The original State Hospital station, before this station and Wingdale were converted into today’s Harlem Valley-Wingdale.

The New York Central is remembered for things more noteworthy, like the “Water Level Route” – the first four-tracked route in the world, and the train that rolled out the red carpet for you – the 20th Century Limited. But in addition to doing those things, you could also take the New York Central to visit your institutionalized relatives… and for the low price of two dollars a round trip.

Read More

Friday’s From the Historical Archive: Advertisements for the New Grand Central

Two weeks ago I mentioned the wreck in the Park Avenue Tunnel in 1902, and how it led to electric service on the rails. Another thing the accident achieved was the replacement of the old Grand Central Depot. The old Depot at the time was serving a lot more trains than it could really handle. Trains often had to wait in order to enter the train shed. The one train involved in the wreck was waiting in the tunnel, when the train behind missed several signals and ended up crashing into it. The new Grand Central Terminal, with its two levels, was able to accommodate a lot more trains than its predecessor.

Construction on the Terminal was finished in 1913. And what does one want to do after spending $180,000,000 on a gorgeous new train station? Show it off to the world, of course! Recently I’ve had a lot of enjoyment looking at old newspapers. Although photography existed at the time, many newspapers still used engraved illustrations. And I really do love looking at these old illustrations of Grand Central.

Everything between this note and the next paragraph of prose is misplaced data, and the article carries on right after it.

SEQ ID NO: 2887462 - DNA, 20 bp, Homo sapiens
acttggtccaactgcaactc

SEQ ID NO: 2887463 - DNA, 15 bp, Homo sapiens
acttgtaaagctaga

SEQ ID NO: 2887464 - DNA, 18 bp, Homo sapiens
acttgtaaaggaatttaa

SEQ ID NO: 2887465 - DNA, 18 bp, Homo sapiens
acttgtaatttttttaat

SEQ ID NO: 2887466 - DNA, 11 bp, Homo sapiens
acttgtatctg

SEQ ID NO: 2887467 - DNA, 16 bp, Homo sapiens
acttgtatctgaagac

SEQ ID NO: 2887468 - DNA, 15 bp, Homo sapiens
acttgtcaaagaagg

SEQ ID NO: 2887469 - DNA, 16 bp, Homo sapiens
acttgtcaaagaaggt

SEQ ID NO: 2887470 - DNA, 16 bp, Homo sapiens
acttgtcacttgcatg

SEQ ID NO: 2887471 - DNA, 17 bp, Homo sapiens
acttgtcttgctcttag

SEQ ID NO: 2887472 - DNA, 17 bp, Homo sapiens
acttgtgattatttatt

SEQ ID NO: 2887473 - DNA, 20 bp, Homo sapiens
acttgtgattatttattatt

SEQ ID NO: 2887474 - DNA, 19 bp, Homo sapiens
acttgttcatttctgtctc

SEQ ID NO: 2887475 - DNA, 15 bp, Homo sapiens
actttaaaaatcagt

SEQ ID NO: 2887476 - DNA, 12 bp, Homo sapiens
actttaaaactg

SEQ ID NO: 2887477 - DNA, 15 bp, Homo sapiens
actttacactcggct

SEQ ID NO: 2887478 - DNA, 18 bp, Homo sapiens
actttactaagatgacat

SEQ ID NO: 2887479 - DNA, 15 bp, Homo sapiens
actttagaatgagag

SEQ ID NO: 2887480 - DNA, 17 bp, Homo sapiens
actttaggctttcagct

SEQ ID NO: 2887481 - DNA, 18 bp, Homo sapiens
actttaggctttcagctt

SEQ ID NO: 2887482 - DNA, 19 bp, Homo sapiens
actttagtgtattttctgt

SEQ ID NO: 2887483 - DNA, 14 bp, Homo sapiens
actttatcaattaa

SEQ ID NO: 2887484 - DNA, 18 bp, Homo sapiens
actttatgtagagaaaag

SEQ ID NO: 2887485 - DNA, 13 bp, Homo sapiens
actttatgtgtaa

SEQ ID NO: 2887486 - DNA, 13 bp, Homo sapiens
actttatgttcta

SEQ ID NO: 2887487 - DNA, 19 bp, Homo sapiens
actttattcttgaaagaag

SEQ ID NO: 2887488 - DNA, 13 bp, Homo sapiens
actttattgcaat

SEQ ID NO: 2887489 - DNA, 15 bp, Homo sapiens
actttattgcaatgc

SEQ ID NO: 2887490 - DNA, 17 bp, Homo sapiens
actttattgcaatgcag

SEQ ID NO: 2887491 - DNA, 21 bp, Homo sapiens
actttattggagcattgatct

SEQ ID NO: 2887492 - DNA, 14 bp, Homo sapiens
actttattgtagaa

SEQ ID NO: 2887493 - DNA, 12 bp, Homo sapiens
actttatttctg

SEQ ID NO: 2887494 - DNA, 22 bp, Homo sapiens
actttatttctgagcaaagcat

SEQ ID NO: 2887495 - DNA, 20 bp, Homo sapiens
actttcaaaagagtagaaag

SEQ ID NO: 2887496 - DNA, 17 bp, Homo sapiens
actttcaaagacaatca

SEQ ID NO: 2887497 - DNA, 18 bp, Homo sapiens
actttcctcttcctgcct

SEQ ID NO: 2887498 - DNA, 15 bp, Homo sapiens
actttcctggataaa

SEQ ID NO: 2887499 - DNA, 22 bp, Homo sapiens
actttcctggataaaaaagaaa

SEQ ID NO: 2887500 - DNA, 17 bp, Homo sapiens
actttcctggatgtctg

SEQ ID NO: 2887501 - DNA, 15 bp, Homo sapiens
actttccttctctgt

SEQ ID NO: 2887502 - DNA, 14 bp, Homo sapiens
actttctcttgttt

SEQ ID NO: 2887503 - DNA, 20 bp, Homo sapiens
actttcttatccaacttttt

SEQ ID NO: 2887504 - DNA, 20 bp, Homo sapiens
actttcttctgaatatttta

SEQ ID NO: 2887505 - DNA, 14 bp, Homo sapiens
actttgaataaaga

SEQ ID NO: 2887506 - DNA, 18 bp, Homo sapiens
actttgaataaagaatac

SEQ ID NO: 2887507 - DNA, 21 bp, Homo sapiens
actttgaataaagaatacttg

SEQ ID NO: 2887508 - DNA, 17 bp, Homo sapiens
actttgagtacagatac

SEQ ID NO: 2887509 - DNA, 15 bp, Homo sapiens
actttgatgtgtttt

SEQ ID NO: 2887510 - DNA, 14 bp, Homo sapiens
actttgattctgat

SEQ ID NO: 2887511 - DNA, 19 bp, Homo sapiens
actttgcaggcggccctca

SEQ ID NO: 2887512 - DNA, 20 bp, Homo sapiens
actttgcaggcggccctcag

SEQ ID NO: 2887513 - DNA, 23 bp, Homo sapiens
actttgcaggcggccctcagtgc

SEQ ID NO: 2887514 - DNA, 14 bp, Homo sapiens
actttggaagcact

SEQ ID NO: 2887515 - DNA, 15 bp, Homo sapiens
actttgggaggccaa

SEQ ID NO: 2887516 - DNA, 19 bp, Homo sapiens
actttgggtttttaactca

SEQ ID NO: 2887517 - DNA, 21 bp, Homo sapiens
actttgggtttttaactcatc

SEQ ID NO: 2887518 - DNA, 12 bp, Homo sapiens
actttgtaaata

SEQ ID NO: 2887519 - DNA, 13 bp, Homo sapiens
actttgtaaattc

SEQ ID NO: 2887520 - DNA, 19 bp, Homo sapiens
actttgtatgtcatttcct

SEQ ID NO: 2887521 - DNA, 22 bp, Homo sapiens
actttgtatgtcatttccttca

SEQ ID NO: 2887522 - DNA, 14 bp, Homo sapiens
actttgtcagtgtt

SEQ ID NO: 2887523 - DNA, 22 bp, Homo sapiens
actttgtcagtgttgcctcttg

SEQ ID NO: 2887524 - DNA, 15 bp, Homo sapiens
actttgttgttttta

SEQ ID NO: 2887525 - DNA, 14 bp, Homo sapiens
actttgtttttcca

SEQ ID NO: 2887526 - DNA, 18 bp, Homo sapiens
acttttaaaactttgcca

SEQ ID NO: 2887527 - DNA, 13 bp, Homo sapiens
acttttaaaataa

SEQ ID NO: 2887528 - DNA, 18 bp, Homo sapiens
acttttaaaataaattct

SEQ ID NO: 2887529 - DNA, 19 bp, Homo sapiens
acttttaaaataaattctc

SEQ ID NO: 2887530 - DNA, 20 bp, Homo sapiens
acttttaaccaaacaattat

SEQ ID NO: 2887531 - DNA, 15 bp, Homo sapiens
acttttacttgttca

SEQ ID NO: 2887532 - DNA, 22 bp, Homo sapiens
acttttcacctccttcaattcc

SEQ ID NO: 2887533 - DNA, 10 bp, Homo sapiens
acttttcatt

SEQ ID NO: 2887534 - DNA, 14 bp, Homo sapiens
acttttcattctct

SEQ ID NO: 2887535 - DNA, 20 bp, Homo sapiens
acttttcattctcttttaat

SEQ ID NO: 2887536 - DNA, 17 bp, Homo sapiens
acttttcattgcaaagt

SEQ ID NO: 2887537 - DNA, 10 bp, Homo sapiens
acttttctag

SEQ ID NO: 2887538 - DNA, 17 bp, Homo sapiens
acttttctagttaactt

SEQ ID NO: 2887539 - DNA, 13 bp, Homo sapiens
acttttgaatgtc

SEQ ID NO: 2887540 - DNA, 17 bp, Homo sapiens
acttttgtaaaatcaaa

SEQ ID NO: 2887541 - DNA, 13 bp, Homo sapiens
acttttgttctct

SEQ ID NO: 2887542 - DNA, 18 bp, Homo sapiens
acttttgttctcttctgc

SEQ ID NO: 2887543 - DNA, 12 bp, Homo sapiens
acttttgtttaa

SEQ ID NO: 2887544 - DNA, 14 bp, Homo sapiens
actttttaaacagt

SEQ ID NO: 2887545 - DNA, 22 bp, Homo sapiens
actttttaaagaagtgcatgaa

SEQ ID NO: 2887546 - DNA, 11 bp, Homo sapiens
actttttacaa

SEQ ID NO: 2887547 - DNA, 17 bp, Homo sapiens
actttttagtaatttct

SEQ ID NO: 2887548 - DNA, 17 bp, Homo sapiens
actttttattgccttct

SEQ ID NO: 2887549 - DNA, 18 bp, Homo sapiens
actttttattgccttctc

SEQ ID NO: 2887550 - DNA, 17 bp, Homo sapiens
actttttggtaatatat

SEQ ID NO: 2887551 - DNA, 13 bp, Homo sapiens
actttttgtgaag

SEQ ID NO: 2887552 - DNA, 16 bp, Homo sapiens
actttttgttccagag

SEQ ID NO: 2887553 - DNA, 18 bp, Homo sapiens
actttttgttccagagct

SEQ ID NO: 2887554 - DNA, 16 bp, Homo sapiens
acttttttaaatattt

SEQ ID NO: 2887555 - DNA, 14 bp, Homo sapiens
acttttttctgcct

All of those come from full advertisements shown in newspapers, like the one below:

One thing I thought amusing about the new Grand Central, was that when it opened, it had a private “Women’s Room.” And I don’t mean a bathroom. For twenty-five cents a woman could use a private dressing room, staffed by maids, to change her “costume” for a “social function.” They would even deliver her trunk straight to the dressing room! How grand! And let’s not forget that there were also hair and manicuring parlors, as well as a shoe polishing room. You know what I wonder though, was the line for that “Women’s room” out the door and around the corner like the lines today? Sometimes they really make you want to shoot yourself…

If you’re interested in seeing more old drawings and advertisements of Grand Central’s opening, click here to take a look through the Historical Archives.

Read More

1910’s Advertisement, New $180,000,000 Grand Central Terminal, New York, Has Private Apartment Where Women Can Change Their Costumes

The bottom two paragraphs read as follows:
Especial provision has been made for women travellers, and the waiting room for their use has been made especially attractive. It is finished in quartered oak and is filled with comfortable movable chairs. Adjoining it are hair and manicuring parlors and a woman’s shoe polishing room, which is attended by girls in blue uniforms.

Should a woman passenger after a shopping tour wish to change her costume for a social function she may have her suit case or trunk sent to a private dressing room, for the use of which, with a maid in attendance, a charge of twenty-five cents will be made. Little knicknacks which she may need to complete her toilet also can be purchased at a little shop which is almost at the door of her dressing room.

Read More